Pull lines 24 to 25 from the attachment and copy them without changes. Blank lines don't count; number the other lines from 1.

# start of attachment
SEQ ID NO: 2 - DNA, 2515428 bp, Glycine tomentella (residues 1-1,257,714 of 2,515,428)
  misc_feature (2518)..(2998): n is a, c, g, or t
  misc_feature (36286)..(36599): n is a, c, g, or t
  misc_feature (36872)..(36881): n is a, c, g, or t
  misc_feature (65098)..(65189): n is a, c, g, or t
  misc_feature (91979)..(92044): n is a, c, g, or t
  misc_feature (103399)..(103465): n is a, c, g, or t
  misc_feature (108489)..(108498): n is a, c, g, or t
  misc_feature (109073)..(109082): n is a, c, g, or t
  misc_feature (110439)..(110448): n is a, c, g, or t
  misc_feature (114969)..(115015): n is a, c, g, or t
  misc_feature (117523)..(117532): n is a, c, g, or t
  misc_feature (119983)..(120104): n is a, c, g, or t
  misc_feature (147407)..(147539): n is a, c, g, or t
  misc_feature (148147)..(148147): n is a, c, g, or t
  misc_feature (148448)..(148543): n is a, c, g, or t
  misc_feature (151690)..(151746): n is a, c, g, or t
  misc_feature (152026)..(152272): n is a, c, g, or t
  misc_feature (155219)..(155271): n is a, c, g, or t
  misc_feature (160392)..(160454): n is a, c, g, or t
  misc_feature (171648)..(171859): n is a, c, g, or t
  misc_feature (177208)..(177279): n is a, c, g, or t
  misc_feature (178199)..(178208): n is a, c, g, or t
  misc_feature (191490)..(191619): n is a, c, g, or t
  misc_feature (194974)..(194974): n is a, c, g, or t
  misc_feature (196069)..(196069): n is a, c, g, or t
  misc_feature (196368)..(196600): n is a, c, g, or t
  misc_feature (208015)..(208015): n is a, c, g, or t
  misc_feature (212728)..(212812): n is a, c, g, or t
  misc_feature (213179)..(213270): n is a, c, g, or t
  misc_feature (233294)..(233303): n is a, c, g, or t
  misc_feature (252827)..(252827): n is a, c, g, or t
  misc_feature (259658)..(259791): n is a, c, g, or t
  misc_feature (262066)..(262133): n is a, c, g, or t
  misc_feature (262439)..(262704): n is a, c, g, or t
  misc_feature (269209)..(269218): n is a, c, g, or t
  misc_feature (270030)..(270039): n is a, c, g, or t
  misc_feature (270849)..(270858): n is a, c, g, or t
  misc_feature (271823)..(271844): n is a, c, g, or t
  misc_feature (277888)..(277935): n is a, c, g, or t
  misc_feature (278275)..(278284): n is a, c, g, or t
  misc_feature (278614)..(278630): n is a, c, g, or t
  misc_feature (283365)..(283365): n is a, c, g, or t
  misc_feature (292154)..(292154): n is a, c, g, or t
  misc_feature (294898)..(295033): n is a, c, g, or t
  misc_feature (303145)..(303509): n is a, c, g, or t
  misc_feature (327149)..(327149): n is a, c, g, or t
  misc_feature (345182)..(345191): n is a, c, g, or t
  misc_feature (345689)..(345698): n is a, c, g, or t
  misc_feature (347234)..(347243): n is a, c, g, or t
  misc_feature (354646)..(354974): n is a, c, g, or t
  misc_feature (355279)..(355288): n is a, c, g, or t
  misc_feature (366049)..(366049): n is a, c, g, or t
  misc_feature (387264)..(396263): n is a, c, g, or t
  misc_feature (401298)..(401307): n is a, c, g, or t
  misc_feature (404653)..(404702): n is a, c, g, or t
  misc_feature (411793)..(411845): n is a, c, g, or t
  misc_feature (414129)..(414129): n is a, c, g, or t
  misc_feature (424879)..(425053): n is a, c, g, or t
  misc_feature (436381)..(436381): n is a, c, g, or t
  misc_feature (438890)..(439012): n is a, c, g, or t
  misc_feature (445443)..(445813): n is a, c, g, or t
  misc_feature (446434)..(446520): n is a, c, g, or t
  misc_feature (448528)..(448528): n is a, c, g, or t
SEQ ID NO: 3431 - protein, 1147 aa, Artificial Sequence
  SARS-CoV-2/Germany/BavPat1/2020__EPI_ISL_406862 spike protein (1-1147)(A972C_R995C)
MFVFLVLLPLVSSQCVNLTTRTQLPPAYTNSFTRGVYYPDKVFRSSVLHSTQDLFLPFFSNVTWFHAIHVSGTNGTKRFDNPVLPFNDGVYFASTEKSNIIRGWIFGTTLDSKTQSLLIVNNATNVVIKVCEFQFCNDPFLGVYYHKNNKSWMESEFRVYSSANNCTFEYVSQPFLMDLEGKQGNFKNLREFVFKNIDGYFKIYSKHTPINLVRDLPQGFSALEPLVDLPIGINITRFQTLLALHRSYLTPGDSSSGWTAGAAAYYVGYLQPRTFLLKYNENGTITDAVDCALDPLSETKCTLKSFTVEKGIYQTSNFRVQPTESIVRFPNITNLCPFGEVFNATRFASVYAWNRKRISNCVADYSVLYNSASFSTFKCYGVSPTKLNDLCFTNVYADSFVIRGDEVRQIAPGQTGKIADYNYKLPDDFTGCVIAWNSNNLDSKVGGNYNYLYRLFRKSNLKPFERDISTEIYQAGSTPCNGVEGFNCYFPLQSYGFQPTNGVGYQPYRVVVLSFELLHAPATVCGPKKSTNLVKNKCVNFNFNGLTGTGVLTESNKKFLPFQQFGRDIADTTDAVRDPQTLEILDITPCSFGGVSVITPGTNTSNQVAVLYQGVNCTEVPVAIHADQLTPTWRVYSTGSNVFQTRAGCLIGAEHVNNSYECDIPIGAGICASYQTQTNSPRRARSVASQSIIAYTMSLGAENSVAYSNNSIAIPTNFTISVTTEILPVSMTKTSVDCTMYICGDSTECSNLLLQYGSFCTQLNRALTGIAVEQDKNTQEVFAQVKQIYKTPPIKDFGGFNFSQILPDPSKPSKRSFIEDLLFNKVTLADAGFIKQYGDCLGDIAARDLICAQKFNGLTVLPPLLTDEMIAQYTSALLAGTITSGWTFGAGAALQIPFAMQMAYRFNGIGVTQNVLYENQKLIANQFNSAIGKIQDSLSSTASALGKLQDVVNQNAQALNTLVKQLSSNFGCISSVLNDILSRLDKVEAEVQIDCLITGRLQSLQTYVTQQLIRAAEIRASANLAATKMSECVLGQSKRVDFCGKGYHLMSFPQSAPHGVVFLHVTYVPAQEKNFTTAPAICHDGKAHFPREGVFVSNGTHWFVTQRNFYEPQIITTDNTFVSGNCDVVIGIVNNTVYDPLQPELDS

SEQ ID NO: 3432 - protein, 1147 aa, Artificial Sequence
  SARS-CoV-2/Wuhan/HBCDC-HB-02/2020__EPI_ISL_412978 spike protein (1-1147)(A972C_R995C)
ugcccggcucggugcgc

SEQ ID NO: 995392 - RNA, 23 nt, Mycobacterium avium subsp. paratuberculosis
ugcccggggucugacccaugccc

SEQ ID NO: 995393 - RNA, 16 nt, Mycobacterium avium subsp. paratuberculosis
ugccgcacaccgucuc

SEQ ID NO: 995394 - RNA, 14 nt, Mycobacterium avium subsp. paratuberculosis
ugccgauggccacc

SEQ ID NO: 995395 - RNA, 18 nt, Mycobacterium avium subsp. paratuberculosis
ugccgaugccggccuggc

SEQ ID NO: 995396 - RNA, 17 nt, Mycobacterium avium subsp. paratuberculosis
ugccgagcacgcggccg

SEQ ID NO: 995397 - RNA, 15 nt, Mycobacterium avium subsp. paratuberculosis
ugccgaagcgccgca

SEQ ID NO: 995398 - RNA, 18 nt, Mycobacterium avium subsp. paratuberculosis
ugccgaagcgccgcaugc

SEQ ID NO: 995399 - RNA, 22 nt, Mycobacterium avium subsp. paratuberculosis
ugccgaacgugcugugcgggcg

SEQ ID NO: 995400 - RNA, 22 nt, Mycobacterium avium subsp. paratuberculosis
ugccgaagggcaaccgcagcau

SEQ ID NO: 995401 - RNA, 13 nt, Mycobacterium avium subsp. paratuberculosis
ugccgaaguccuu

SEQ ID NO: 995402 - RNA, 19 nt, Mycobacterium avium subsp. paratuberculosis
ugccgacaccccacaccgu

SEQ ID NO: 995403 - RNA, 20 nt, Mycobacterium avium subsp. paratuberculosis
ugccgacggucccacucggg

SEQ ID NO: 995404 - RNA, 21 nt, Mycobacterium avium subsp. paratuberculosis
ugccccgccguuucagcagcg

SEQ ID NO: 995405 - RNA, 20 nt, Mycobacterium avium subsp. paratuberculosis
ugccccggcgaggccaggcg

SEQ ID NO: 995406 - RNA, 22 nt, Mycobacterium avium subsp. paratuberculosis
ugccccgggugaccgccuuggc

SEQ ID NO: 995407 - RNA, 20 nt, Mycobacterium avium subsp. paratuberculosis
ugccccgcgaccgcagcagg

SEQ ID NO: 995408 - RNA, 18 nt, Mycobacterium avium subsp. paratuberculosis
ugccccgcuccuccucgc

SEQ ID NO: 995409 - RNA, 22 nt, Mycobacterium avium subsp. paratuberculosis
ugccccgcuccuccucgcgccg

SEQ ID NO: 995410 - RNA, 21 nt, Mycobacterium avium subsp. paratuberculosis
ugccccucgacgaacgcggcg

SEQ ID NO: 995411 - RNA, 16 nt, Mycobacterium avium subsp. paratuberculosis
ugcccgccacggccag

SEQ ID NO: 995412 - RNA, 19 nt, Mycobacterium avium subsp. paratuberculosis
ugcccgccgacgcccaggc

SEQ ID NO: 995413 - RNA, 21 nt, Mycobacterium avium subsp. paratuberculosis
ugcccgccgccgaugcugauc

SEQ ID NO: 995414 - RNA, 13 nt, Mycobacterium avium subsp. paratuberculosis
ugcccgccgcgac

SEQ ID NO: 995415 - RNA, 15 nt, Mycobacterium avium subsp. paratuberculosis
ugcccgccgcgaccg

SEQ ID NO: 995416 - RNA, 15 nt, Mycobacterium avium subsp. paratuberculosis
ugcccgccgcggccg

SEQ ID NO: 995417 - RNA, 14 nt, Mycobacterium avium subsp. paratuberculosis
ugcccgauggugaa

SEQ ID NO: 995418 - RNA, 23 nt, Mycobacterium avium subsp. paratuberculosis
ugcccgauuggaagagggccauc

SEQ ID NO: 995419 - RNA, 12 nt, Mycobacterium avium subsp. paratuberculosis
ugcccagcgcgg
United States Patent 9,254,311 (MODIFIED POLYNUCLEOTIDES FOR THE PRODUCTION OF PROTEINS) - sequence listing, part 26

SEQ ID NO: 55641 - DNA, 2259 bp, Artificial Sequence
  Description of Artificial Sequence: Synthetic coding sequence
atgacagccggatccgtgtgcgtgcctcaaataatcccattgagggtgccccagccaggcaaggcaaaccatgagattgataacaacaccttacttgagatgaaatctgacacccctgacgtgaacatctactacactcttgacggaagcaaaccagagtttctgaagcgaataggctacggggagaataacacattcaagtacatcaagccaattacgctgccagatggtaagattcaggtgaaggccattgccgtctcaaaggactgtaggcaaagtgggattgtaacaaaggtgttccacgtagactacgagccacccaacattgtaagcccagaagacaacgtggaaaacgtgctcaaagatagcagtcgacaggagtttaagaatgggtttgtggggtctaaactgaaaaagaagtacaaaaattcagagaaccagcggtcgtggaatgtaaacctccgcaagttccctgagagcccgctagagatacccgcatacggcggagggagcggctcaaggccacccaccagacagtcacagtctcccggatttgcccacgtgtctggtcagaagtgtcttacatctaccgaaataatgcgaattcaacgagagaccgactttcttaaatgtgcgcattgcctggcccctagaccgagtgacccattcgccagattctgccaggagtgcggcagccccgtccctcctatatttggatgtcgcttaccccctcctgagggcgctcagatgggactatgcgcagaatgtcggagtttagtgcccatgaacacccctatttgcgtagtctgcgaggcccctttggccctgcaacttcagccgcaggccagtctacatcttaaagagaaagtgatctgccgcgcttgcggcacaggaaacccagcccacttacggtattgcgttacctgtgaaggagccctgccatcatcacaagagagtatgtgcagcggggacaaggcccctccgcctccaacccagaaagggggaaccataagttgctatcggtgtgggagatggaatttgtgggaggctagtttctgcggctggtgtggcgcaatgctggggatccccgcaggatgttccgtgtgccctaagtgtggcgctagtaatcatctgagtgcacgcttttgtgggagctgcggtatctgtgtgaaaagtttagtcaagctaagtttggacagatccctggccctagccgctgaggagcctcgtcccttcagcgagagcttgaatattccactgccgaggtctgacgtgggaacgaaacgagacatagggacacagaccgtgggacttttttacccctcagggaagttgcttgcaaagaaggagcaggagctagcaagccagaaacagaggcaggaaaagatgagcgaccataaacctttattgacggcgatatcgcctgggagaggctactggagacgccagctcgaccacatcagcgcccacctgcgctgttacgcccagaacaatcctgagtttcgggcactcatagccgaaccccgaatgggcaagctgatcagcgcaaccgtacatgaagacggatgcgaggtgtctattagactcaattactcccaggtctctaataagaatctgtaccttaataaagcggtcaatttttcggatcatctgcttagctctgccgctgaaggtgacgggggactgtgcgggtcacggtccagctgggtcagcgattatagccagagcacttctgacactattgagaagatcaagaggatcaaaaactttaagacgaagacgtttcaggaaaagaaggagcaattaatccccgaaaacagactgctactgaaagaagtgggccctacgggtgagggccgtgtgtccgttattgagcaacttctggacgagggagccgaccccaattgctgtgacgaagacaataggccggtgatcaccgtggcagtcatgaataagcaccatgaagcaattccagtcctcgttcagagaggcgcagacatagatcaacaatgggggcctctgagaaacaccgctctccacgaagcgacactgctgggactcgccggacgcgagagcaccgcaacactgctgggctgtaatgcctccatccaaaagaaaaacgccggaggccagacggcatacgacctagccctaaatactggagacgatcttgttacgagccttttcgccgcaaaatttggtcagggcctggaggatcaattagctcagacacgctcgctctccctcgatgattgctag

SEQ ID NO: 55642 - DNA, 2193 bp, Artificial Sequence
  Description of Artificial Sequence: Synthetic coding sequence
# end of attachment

  misc_feature (191490)..(191619): n is a, c, g, or t
  misc_feature (194974)..(194974): n is a, c, g, or t